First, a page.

Efflorescence

Pilot Concrete Project Makes Roads Safer, More Attractive
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Pilot Concrete Project Makes Roads Safer, More Attractive

For the first time, colored concrete safety barriers are ensuring safety on German... More

Metering System for Granules
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Metering System for Granules

G-Pack 30 is ideal for producers looking to improve the quality of their colored... More

Making a Green Pavement Gold, or Sunset Rose or Mesa Buff or….
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Making a Green Pavement Gold, or Sunset Rose or Mesa Buff or….

Pervious concrete is often described as looking like a gray Rice Krispies treat.... More

One-Step Coloring
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One-Step Coloring

Several years ago, analysts estimated that about 0.5% of all flatwork concrete was... More

Any Color, as Long as it's Green
Any Color, as Long as it's Green
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Any Color, as Long as it's Green

With its ability to manage surface water runoff, the construction industry has... More

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Concrete's Changing Colors

A patio looked great on the day we finished installing it. But within two weeks, it had deteriorated into a gray/white color instead of the terracotta/charcoal patio that was visible on the day it was installed. The concrete sealant was applied 24 to 48 hours after the concrete was first laid, and within two weeks, it had turned gray/white. The contractor then returned two weeks later, the patio was washed with a jet wash and then a second coat of sealant was applied, making the gray/white colour even worse. The patio is fine when it is wet (terra-cotta/charcoal), but when dry it becomes gray/white. The project was completed more than a year ago. The gray/white appearance apparently is salt bloom, which is naturally occurring. However, as you can see, the whole patio is affected and there are no crystalline forms present on the surface. What could the problem be, why did it occur, and can it be fixed? More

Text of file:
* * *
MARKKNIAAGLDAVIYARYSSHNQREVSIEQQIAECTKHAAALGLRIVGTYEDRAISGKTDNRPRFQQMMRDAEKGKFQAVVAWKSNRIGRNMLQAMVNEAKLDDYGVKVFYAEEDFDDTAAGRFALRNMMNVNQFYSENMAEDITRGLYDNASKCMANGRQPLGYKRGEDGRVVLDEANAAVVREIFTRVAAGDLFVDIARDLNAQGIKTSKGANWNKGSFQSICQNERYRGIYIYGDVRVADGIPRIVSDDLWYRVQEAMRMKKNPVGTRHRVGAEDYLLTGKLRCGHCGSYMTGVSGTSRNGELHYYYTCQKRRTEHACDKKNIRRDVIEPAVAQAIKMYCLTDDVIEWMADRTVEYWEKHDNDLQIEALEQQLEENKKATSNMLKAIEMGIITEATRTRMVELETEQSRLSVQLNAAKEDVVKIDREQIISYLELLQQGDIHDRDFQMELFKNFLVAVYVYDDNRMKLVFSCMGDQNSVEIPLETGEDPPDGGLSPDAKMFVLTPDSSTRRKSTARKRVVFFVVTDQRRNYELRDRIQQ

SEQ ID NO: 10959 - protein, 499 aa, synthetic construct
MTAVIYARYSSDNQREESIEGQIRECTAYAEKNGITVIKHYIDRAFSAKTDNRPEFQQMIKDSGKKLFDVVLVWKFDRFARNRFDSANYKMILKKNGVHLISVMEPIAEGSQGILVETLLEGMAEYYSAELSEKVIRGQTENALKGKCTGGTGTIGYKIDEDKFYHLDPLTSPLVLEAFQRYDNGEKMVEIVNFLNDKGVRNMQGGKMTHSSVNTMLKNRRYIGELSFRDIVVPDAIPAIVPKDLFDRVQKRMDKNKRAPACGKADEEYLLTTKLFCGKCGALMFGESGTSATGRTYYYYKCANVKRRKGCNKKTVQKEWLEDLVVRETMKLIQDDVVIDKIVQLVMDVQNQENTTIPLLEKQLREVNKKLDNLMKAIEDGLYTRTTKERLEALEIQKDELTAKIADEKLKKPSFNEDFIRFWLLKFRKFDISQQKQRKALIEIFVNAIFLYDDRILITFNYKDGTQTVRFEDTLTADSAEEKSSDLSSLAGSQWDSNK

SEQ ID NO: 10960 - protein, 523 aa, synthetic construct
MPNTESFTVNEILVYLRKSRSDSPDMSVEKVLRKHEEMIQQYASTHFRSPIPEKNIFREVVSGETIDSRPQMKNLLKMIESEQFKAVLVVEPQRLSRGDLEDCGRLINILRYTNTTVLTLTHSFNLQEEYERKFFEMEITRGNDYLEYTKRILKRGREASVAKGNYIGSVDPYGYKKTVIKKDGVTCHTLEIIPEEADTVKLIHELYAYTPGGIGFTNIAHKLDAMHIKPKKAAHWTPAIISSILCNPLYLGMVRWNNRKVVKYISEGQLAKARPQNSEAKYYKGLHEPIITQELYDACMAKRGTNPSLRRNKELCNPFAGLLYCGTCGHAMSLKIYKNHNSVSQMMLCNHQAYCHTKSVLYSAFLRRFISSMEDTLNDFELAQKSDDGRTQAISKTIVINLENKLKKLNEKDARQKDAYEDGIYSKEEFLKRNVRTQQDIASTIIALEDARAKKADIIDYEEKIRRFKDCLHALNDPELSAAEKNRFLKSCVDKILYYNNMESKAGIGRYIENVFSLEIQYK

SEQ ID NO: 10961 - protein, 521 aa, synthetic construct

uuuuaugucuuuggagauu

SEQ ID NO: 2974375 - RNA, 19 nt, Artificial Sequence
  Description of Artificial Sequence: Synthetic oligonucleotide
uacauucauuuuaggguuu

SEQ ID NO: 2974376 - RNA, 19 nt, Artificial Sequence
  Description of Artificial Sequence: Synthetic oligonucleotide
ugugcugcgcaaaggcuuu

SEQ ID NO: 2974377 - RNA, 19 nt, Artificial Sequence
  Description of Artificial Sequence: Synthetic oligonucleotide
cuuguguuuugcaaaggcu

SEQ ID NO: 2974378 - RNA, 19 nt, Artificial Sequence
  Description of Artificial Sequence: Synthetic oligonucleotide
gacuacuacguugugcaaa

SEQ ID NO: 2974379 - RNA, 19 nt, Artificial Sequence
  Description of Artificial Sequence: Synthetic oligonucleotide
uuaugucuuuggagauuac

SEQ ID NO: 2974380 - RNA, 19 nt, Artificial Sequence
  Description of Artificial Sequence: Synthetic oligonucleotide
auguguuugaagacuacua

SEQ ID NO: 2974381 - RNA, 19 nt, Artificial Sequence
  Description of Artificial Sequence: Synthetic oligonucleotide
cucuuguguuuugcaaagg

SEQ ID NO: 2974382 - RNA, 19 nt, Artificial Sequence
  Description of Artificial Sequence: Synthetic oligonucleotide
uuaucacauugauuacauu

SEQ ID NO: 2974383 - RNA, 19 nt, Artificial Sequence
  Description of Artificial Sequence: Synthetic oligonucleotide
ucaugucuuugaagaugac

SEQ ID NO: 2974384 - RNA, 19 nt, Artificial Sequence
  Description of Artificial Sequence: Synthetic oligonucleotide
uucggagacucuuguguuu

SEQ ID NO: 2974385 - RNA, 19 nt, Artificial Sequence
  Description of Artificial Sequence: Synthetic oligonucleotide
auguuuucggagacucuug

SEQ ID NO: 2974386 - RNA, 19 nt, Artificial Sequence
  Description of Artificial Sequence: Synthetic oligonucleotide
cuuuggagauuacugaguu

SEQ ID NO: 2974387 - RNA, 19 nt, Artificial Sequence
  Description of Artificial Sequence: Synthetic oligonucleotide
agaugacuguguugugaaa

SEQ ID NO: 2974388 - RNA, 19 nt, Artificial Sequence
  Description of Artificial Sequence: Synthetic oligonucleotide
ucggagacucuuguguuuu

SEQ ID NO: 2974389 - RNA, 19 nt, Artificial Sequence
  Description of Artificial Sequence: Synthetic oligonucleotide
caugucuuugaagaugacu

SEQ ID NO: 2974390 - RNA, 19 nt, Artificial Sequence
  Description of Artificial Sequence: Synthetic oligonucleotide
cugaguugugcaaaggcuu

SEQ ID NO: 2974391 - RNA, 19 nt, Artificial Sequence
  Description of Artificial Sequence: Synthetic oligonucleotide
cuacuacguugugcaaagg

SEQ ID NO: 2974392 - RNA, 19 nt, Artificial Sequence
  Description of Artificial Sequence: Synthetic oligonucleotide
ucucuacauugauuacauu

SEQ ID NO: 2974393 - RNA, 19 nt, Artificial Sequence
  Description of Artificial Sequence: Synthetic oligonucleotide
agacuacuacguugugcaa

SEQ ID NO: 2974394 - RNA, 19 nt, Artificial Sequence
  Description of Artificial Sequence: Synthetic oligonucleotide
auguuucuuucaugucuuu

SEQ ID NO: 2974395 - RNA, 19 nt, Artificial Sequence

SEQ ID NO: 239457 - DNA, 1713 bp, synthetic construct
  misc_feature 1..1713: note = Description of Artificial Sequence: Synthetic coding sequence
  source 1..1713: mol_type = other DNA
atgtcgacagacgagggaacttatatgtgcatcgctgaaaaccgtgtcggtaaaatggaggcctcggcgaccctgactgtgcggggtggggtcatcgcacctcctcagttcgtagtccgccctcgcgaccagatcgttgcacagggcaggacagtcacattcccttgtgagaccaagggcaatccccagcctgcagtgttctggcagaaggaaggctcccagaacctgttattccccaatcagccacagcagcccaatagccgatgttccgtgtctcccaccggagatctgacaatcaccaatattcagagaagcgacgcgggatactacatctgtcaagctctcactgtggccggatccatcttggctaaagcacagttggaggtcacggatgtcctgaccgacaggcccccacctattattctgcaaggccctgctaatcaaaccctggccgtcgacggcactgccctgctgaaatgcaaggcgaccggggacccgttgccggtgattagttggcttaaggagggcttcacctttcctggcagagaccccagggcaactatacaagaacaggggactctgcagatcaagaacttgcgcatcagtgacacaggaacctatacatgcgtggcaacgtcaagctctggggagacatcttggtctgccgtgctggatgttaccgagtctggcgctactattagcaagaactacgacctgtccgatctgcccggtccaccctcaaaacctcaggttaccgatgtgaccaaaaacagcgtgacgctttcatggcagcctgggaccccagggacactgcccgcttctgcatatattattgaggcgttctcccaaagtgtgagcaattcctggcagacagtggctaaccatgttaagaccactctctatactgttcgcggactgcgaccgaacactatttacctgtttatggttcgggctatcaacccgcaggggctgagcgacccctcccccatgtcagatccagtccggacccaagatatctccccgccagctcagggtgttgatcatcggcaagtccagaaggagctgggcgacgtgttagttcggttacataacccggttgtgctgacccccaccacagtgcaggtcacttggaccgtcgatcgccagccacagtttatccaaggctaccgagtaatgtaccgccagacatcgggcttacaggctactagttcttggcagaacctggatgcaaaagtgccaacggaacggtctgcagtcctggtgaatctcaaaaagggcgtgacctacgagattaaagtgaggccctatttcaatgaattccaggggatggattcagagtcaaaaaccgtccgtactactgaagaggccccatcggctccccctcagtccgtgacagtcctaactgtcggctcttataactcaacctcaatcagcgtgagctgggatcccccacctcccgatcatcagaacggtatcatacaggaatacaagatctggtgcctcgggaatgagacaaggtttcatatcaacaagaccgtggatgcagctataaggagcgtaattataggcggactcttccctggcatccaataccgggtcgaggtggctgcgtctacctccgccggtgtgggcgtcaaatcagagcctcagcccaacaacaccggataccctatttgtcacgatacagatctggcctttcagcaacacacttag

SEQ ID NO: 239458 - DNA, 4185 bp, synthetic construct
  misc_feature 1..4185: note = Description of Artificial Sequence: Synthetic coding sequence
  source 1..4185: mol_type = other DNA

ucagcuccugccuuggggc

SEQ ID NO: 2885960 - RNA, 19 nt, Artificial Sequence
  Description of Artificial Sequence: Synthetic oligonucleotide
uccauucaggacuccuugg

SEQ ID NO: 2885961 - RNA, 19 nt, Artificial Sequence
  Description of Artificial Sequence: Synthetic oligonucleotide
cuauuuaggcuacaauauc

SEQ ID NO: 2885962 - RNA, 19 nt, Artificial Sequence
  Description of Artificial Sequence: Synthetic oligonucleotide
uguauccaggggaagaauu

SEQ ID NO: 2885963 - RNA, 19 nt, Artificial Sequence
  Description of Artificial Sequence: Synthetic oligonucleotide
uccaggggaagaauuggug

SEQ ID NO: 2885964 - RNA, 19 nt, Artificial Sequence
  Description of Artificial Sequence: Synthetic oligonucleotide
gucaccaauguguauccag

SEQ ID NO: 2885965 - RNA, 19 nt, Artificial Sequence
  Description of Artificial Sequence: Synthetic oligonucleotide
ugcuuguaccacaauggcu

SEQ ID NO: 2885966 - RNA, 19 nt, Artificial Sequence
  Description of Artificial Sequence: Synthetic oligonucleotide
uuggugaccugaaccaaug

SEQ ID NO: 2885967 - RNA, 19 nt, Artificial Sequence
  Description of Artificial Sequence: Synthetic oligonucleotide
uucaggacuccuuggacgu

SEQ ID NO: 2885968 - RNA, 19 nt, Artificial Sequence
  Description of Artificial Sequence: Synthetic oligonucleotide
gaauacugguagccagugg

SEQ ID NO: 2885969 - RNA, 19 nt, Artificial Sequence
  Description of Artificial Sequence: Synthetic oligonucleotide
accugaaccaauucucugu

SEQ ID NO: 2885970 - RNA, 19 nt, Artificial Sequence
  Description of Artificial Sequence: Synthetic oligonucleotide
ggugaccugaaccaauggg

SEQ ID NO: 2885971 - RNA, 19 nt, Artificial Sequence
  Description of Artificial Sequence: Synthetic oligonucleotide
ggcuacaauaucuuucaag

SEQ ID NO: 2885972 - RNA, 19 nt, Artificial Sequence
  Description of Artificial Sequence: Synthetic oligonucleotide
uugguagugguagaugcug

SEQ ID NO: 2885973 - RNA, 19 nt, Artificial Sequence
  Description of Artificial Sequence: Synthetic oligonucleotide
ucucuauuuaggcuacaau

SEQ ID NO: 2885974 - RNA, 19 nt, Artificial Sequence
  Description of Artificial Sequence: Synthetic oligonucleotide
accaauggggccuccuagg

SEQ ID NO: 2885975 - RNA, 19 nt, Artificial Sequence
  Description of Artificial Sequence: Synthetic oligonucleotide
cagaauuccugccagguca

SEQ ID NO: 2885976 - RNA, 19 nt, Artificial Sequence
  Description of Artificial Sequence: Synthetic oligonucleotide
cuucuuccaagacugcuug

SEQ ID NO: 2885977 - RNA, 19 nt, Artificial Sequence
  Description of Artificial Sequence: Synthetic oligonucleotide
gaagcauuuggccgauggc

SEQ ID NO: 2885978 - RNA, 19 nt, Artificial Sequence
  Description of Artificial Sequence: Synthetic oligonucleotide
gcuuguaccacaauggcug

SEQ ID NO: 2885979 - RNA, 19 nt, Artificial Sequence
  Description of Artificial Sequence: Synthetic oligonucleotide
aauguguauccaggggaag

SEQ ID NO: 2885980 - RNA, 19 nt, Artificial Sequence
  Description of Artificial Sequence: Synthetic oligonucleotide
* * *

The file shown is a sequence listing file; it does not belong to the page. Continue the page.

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Integrally Colored Tilt-Up Concrete
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Cures for paver efflorescence

We manufacture concrete pavers and are experiencing a severe efflorescence problem. Can we reduce efflorescence by using admixtures such as plasticizers or pozzolans? Or should we use silicone-type water repellents or film-forming sealers on the finished product? More

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Avoiding Efflorescence in Architectural Precast Concrete
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